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not a singer of the fireside, but a heartless wanderer, who put in all hearts the Anglo-Saxon's simple “Home, Sweet Home.” It was a poet, not a warrior, who gave to our Union the Anglo-American's homage to his flag. Even as the Prince of Peace who came to bring eternal life was the Son of God, were these His ministering angels; and, as each of us, upon his knees, sends up a prayer to Heaven for “Home, Sweet Home,” may he also murmur, and teach his children to lisp, the sublime refrain of Key's immortal anthem—

“'Tis the Star-Spangled Banner, O, long may it wave
O'er the land of the free and the home of the brave!”

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[Oration by Daniel Webster, statesman and orator (born in Salisbury, N. H., January 18, 1782; died in Marshfield, Mass., October 24, 1852), delivered in Fryeburg, Maine, July 4, 1802, when Webster was but twenty years of age, and at the time principal of the Fryeburg Academy. This oration is referred to in Webster's Autobiography as unpublished, and so it remained till eighty years after its delivery, when the original manuscript was found, with a mass of Webster's private papers, in a junk-shop in Boston, and rescued from destruction. Passing then into appreciative hands, it was issued in pamphlet form in 1882, the centennial year of Webster's birth. The impression created by this early effort of the orator upon the minds of the townspeople who heard it, was deep and lasting, and it has been said that its sentiments were remembered and repeated by some of them after a lapse of more than fifty years. An interesting fact is seen in the strikingly similar peroration to the last speech made by Webster in the Senate of the United States on July 17, 1850.]

FELLOW CITIZENS:—It is at the season when nature hath assumed her loveliest apparel that the American people assemble in their several temples to celebrate the birthday of their nation. Arrayed in all the beauties of the year, the Fourth of July once more visits us. Green fields and a ripening harvest proclaim it, a bright sun cheers it, and the hearts of freemen bid it welcome. Illustrious spectacle! Six millions of people this day surround their altars, and unite in an address to Heaven for the preservation of their rights. Every rank and every age imbibes the general spirit. | From the lisping inhabitant of the cradle to the aged warrior whose gray hairs are fast sinking in the western horizon of life, every voice is,

Copyright, by C. W. Lewis. Published by permission. 1152

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My Country!
Festivals established by the world have been numerous.
The coronation of a king, the birth of a prince, the mar-
riage of a princess, have often called wondering crowds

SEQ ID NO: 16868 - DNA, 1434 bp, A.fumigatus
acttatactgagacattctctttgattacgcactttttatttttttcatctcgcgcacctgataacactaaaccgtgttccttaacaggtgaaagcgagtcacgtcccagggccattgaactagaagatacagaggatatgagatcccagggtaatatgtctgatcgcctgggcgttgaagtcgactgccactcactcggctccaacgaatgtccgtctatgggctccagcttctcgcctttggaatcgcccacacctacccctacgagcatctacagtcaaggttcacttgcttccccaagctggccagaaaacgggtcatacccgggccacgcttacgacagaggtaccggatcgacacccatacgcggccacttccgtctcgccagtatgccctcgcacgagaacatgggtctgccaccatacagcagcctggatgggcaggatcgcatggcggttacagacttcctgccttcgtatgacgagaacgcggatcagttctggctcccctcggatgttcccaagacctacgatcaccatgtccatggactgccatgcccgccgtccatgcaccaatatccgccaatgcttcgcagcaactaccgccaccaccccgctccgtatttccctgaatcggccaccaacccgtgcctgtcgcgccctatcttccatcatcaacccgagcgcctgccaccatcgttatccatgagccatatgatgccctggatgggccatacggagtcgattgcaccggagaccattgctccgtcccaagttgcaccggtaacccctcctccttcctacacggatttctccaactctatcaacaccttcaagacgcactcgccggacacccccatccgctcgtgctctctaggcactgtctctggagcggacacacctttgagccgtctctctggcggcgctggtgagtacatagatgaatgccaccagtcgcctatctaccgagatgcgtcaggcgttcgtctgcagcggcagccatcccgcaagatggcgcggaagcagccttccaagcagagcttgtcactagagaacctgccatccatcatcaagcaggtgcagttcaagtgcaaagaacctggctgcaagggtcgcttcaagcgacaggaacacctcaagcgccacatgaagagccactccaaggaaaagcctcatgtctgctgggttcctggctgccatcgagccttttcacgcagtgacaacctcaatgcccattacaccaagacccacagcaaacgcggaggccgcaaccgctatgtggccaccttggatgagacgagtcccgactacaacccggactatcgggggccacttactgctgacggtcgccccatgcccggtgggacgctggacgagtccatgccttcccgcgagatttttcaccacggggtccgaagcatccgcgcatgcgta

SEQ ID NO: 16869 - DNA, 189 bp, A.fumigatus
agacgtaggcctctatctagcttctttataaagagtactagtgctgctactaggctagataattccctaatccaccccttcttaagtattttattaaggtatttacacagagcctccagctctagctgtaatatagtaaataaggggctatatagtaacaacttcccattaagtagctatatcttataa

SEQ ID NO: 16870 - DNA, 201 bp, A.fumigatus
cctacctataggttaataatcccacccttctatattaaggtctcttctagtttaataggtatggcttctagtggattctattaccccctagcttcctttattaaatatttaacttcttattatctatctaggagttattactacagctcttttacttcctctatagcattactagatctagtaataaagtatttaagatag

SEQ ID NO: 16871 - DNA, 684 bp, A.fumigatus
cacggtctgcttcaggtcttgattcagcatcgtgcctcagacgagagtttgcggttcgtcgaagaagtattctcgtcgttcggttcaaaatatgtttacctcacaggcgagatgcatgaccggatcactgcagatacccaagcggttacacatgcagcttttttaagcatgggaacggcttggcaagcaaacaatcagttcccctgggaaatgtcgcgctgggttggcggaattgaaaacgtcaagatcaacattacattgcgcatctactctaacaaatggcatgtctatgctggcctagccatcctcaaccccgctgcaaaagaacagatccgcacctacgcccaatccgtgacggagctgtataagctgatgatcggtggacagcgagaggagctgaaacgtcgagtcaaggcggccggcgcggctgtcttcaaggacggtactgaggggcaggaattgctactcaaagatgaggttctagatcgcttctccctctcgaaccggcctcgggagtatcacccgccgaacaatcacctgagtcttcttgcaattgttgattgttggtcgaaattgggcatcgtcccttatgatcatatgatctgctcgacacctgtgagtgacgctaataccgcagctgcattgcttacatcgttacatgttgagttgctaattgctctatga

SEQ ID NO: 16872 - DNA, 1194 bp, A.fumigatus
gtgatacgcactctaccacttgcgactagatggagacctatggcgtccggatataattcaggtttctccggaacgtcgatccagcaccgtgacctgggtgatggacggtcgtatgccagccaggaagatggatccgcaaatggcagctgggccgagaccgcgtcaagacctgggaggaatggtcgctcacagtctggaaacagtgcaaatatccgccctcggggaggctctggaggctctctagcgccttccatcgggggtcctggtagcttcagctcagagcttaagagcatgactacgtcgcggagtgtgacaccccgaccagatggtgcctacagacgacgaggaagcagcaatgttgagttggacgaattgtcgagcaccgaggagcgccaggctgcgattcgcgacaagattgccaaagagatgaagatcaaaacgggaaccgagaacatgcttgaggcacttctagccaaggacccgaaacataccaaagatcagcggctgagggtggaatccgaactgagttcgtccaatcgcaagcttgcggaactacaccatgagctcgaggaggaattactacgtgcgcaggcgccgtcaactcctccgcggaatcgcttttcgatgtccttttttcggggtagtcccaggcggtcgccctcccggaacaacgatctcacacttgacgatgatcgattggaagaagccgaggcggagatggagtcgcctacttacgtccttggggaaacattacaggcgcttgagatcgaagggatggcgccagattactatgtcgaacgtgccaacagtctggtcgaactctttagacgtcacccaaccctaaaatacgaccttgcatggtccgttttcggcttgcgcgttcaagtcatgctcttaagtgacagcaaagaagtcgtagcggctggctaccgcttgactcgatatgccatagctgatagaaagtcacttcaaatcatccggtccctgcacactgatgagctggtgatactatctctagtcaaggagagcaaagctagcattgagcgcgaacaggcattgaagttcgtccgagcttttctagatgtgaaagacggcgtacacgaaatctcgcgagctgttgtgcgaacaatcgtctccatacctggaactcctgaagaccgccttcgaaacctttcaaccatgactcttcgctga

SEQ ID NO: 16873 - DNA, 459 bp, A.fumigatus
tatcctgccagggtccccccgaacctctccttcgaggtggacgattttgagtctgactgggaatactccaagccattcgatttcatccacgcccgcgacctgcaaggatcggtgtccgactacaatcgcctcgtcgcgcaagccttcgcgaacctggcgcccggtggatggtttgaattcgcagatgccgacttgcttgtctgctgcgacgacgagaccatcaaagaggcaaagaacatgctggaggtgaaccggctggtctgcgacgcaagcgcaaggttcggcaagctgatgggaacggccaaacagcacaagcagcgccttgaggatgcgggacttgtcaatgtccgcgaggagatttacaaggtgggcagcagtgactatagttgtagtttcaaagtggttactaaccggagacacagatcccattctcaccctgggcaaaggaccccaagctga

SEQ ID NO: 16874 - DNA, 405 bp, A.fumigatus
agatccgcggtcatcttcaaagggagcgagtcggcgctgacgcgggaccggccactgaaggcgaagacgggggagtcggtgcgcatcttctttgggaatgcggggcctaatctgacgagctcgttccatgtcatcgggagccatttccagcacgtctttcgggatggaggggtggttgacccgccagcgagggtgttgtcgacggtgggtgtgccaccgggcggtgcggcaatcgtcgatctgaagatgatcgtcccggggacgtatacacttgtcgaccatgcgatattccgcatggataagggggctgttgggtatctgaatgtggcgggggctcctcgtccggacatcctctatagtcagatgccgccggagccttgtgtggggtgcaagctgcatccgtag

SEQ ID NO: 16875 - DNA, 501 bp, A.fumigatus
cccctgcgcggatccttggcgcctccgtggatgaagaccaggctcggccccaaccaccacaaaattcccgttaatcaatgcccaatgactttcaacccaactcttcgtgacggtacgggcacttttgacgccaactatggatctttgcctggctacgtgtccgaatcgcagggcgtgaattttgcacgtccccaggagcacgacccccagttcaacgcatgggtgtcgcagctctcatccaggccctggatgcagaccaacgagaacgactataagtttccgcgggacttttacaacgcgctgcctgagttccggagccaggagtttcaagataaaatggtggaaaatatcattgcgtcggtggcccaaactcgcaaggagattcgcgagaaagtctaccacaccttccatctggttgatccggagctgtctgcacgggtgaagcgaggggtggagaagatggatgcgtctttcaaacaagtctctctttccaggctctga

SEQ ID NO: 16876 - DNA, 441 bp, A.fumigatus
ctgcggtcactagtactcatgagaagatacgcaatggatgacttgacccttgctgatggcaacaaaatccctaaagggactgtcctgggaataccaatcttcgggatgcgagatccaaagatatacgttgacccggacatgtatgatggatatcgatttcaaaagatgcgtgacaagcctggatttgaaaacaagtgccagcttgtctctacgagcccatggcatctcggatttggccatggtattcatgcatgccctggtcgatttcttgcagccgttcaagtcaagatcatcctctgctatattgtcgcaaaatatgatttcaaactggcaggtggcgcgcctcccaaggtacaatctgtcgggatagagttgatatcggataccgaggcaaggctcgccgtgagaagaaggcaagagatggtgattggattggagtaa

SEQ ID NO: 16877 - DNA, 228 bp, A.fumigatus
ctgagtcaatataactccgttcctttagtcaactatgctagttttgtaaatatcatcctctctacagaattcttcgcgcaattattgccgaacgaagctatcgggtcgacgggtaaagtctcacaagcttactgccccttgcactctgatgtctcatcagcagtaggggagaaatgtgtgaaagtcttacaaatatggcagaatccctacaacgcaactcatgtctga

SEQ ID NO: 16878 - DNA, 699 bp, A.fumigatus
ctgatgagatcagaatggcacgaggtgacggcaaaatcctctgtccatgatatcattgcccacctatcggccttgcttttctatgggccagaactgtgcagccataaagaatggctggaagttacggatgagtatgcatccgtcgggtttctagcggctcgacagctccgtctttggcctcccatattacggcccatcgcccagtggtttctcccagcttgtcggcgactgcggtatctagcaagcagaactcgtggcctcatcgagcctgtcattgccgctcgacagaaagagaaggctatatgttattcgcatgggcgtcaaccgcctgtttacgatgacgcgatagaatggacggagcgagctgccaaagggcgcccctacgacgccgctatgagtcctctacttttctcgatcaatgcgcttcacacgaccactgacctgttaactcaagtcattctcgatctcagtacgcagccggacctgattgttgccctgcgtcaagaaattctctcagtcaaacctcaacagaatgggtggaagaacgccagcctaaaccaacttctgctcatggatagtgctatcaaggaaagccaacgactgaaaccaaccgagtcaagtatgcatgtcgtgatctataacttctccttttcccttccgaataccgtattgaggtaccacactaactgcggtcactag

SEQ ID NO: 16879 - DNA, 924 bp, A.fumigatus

together. Cities and nations agree to celebrate the event
which raises one mortal man above their heads, and
beings called men stand astonished and aghast while the
pageantry of a monarch or the jeweled grandeur of a
queen poses before them. Such a festival, however, as
the Fourth of July is to America, is not found in history;
—a festival designed for solemn reflection on the great
events that have happened to us; a festival in which free-
dom receives a nation's homage, and Heaven is greeted
with incense from ten thousand hearts.
In the present situation of our country, it is, my re-
spected fellow citizens, matter of high joy and congratula-
tion that there is one day in the year on which men of
different principles and different opinions can associate
together. The Fourth of July is not an occasion to com-
pass sea and land to make proselytes. The good sense
and the good nature which yet remain among us will, we
trust, prevail on this day, and be sufficient to chain, at
least for a season, that untamed monster, Party Spirit—
and would to God that it might be chained forever, that,
as we have but one interest, we might have but one heart
and one mind!
You have hitherto, fellow citizens, on occasions of this
kind, been entertained with the discussion of national ques-
tions; with inquiries into the true principles of govern-
ment; with recapitulations of the War; with speculations
on the causes of our Revolution, and on its consequences
to ourselves and to the world. !' these subjects,
it shall be the ambition of the speaker of this day to pre-

this day, : to the accents of Liberty! Washington |


sent such a view of your Constitution and your Union, 2. . . . .

as shall convince you that you have nothing to hope from U.

a change. )
This age has been correctly denominated an age of

experiments. Innovation is the idol of the times. The

human mind seems to have burst its ancient limits, and to

be traveling over the face of the material and intellectual

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creation in search of improvement. (The world hath be- .